New York State Court of Claims

New York State Court of Claims

V. STATE OF NEW YORK, #2001-005-548, Claim No. 98993, Motion No. M-62784


Synopsis


The Second Department's affirmance of summary judgment for the defendants in the Supreme Court action (294 AD2d 543), is res judicata as to proximate cause and the claim here must be dismissed.

Case Information

UID:
2001-005-548
Claimant(s):
IN THE MATTER OF THE CLAIM OF ERICA LEGGIO BY BENNY A. LEGGIO, HER FATHER AND NATURAL GUARDIAN
Claimant short name:

Footnote (claimant name) :

Defendant(s):
STATE OF NEW YORK
Footnote (defendant name) :

Third-party claimant(s):

Third-party defendant(s):

Claim number(s):
98993
Motion number(s):
M-62784
Cross-motion number(s):

Judge:
DONALD J. CORBETT, JR.
Claimant's attorney:
Lite & Russell, Esqs.By: Frank S. Russell, Esq.
Defendant's attorney:
Eliot Spitzer, Attorney General
By: Thomas M. Bona, P.C.By: Paul E. Asfendis, Esq.
Third-party defendant's attorney:

Signature date:
October 8, 2002
City:
Rochester
Comments:

Official citation:

Appellate results:

See also (multicaptioned case)



Decision

The following papers, numbered 1 to 15, were read on motion by Defendant for summary judgment dismissing the claim:

1, 2 Notice of Motion, Affidavit and Exhibits Annexed

3, 4, 5, 6, Affirmation in Opposition, Affidavits and Exhibits Annexed
  1. Reply Memorandum and Exhibits Attached
  2. Claimant's Affirmation dated May 9, 2001 and Exhibits Annexed
  3. Defendant's Letter dated June 27, 2002
  4. Order of Emerson, J., Suffolk County Supreme Court dated March 26, 2001
11, 12, 13 Court's Letters dated April 12, 2001, June 4, 2001, and June 6, 2001

14, 15 Filed Papers: Claim, Answer

Upon the foregoing papers, this motion is granted.

This is the Defendant's motion for summary judgment dismissing the claim herein. The claim involves serious injuries sustained by Erica Leggio, Claimant's daughter, on October 3, 1995.

In a related proceeding, albeit against other defendants in Supreme Court, Suffolk County, the Hon. Elizabeth H. Emerson issued an order dated March 26, 2001, granting summary judgment to all of those defendants as "the record contains no evidence that the tree or pole was a proximate cause of the accident." The court also found that Claimant's expert's conclusions regarding proximate cause, to wit, that the tree and pole were substantial factors in the happening of the accident, were speculative and insufficient to raise a triable issue of fact.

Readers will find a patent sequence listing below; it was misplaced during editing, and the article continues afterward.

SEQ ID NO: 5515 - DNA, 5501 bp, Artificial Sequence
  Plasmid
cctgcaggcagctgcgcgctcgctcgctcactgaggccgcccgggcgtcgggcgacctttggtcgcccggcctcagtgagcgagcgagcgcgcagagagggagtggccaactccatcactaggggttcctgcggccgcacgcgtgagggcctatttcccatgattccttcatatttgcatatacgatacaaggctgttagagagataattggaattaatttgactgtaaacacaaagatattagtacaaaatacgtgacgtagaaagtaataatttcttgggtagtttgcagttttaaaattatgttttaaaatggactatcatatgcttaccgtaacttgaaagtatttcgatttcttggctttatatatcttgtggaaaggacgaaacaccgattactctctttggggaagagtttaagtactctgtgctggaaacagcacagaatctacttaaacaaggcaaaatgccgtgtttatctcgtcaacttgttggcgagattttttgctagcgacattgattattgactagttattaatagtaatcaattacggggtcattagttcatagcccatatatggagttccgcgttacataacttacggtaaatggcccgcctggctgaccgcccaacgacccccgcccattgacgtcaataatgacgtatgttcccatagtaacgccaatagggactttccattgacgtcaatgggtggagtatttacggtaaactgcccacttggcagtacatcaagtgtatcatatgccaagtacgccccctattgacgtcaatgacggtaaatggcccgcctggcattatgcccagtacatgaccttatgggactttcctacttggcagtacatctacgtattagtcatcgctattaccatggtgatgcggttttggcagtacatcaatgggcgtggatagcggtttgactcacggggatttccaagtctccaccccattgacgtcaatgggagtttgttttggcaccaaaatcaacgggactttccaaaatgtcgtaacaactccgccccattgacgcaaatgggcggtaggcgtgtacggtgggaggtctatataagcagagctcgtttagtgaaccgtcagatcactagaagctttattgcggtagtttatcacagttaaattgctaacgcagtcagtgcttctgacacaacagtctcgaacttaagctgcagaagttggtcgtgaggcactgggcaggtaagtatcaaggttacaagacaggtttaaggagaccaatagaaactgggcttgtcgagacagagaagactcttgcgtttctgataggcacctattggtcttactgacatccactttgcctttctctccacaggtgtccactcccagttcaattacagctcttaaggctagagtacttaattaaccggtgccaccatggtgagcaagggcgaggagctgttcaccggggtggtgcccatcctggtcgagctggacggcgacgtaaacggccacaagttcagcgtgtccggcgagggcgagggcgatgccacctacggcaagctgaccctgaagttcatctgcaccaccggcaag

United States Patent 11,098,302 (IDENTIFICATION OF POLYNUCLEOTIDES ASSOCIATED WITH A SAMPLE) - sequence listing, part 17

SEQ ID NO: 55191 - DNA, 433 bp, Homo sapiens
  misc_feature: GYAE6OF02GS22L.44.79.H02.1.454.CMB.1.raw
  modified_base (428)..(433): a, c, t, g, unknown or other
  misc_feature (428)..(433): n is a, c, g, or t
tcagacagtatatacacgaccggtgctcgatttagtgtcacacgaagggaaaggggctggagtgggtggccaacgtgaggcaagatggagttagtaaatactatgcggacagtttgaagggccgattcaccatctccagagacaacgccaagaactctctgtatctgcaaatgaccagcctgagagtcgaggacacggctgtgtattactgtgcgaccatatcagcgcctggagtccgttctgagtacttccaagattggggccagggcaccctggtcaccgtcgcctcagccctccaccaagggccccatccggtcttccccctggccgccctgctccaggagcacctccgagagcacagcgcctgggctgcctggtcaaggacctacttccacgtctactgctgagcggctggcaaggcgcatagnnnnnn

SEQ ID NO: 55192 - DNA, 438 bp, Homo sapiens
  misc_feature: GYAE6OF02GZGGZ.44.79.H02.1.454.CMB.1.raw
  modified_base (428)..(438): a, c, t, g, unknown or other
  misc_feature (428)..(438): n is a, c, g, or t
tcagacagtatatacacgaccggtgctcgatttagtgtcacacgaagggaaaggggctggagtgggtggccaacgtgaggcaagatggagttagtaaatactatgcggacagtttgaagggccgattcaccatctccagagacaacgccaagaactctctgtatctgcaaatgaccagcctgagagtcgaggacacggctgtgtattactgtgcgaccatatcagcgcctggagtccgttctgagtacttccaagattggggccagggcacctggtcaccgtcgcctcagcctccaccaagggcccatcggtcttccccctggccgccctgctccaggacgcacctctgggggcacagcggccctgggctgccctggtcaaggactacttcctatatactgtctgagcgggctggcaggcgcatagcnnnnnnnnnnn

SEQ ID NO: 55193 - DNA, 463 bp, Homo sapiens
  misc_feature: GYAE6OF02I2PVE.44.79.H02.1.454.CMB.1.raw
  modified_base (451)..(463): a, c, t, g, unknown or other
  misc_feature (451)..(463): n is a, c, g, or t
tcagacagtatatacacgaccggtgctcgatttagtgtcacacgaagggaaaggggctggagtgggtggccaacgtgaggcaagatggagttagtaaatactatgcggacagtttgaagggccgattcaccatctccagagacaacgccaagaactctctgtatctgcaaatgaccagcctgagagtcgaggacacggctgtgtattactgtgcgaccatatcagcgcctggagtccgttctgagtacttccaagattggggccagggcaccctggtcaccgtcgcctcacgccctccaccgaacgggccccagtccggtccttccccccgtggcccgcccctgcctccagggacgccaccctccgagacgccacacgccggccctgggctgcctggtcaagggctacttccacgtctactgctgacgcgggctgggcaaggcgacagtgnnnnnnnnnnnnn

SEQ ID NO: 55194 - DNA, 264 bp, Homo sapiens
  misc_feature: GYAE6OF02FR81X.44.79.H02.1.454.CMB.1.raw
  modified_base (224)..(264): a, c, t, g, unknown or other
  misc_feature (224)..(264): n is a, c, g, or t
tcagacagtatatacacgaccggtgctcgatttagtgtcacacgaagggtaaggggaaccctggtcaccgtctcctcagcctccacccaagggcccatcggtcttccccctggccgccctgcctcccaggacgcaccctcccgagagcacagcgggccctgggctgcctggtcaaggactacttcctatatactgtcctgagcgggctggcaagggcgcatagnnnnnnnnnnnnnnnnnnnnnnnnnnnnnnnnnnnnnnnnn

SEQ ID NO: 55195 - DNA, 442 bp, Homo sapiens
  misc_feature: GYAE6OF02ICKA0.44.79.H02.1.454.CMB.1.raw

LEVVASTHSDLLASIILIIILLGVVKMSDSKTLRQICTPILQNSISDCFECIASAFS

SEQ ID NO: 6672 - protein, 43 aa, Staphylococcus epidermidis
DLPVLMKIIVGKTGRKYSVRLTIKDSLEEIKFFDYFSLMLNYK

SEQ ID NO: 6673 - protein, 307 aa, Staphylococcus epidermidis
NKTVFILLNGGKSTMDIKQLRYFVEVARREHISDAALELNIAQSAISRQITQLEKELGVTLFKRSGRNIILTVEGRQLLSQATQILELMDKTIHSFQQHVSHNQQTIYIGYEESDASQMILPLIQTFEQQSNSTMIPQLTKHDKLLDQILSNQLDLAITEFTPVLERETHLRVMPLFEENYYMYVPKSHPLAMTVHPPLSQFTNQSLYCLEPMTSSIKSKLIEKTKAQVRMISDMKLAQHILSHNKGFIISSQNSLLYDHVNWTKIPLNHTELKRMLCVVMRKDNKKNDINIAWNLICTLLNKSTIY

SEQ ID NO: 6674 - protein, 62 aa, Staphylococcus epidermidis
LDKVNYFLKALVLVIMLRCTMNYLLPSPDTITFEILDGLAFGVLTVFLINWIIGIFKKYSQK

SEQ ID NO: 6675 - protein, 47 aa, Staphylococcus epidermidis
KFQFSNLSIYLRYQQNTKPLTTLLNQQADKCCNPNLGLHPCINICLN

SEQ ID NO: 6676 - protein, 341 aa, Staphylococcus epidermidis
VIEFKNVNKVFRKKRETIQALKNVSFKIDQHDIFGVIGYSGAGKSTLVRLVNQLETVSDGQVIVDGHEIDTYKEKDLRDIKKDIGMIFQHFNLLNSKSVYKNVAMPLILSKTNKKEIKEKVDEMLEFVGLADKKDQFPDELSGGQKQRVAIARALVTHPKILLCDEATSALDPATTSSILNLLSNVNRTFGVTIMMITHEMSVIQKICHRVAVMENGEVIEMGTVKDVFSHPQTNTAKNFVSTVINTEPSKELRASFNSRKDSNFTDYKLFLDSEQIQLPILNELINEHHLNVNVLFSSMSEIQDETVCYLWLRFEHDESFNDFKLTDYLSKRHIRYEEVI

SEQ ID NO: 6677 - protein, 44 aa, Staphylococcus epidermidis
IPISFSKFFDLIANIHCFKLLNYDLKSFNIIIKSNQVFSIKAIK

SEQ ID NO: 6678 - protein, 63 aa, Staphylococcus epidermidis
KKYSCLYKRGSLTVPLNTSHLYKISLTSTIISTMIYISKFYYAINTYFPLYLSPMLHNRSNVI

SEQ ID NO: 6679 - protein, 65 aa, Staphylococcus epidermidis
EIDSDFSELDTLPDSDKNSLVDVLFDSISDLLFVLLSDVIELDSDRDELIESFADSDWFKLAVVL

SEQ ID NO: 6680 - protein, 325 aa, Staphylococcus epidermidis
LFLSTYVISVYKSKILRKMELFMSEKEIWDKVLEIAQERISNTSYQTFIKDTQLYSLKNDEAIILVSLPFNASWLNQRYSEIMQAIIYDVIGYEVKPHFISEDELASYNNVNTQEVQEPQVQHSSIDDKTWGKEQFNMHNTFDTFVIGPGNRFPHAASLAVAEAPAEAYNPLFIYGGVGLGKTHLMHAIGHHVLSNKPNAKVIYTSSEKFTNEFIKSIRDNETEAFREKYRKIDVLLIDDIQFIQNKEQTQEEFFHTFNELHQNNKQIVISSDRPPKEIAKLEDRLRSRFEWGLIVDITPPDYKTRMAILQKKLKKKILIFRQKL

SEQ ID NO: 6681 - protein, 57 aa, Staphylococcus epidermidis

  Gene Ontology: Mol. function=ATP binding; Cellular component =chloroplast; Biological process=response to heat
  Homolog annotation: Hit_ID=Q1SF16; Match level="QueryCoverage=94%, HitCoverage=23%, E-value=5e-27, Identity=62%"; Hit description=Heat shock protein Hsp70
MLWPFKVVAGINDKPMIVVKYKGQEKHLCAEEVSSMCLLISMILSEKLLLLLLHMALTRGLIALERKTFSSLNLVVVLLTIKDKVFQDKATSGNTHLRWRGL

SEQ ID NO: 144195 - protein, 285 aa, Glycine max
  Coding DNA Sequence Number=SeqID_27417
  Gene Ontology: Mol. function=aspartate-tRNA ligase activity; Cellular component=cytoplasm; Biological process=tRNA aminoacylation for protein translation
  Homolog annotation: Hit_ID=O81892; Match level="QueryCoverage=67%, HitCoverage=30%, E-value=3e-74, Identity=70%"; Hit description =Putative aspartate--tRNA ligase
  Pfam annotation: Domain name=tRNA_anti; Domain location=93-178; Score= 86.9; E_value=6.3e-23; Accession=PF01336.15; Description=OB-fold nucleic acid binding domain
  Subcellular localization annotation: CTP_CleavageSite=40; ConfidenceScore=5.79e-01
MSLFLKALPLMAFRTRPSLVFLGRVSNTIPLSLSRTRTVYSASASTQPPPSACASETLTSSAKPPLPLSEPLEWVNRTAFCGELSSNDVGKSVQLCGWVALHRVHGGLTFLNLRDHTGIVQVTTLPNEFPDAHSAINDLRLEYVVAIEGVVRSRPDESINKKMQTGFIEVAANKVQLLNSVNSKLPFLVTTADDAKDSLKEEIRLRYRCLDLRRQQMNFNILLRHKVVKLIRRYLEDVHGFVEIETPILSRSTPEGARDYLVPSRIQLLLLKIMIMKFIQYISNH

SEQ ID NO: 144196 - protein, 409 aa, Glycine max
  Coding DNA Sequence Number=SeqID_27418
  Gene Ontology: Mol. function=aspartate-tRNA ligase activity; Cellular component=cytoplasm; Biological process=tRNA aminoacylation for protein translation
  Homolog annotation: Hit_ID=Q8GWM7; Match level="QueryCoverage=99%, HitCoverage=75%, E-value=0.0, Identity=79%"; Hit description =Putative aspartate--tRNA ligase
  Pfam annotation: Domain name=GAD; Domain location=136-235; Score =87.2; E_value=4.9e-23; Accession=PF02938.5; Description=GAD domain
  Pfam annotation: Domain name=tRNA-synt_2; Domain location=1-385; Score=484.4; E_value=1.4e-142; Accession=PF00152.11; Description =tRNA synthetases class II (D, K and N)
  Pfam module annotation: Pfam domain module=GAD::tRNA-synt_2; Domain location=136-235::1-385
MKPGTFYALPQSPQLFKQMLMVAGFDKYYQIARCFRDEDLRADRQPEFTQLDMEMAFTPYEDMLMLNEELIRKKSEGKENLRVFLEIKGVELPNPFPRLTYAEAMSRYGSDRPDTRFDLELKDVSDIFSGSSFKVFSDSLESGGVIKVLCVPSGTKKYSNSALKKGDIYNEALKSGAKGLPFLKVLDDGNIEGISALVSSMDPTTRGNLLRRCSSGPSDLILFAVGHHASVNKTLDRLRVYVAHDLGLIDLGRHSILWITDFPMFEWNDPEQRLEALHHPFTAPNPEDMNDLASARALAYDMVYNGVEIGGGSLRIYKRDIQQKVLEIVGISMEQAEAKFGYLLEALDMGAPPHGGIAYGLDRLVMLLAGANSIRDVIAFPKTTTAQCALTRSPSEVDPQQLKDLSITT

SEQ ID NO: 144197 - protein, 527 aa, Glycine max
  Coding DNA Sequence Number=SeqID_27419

As a result thereof, I wrote to the parties inviting them to submit supplemental papers to address the impact of Justice Emerson's order, and any appeal thereof, on the pending motion. They did so, and in June 2001, I adjourned the instant motion, sine die, pending the ruling of the Appellate Division. On May 28, 2002, the Second Department affirmed the trial court's dismissal (294 AD2d 543), holding, inter alia, that the plaintiff therein (Claimant here) had not raised a triable issue of fact with respect to proximate cause.

Claimant's counsel, in his May 9, 2001 affirmation responding to my invitation with respect to deciding the instant motion, suggested that I either render a decision regardless of Justice Emerson's ruling, or adjourn pending the outcome of the appeal. Counsel noted that "Certainly, the Appellate Court's ruling would be binding upon both the Supreme Court and the Court of Claims." He is, of course, correct, and now the Second Department has affirmed the trial court, affirming that the record was devoid of evidence showing that the weeping willow tree and/or the utility pole, or any purported obstructions on the roadway, or any purported negligent maintenance of the roadway was a proximate cause of the accident. In Defendant's letter dated June 27, 2002, supplying the Court with a copy of the Second Department's ruling, it reiterated its argument, based upon the doctrine of res judicata, that the decision and order of the Second Department is binding. Claimant has not disputed or challenged that contention, and whether based upon collateral estoppel principles (see, Ryan v NY Tel. Co., 62 NY2d 494) or the broader doctrine of res judicata, there is no basis upon which the State's purported negligence could be a proximate cause of the accident.

Accordingly, the Defendant's motion for summary judgment must be, and hereby is, granted, and the claim is dismissed.


October 8, 2002
Rochester, New York

HON. DONALD J. CORBETT, JR.
Judge of the Court of Claims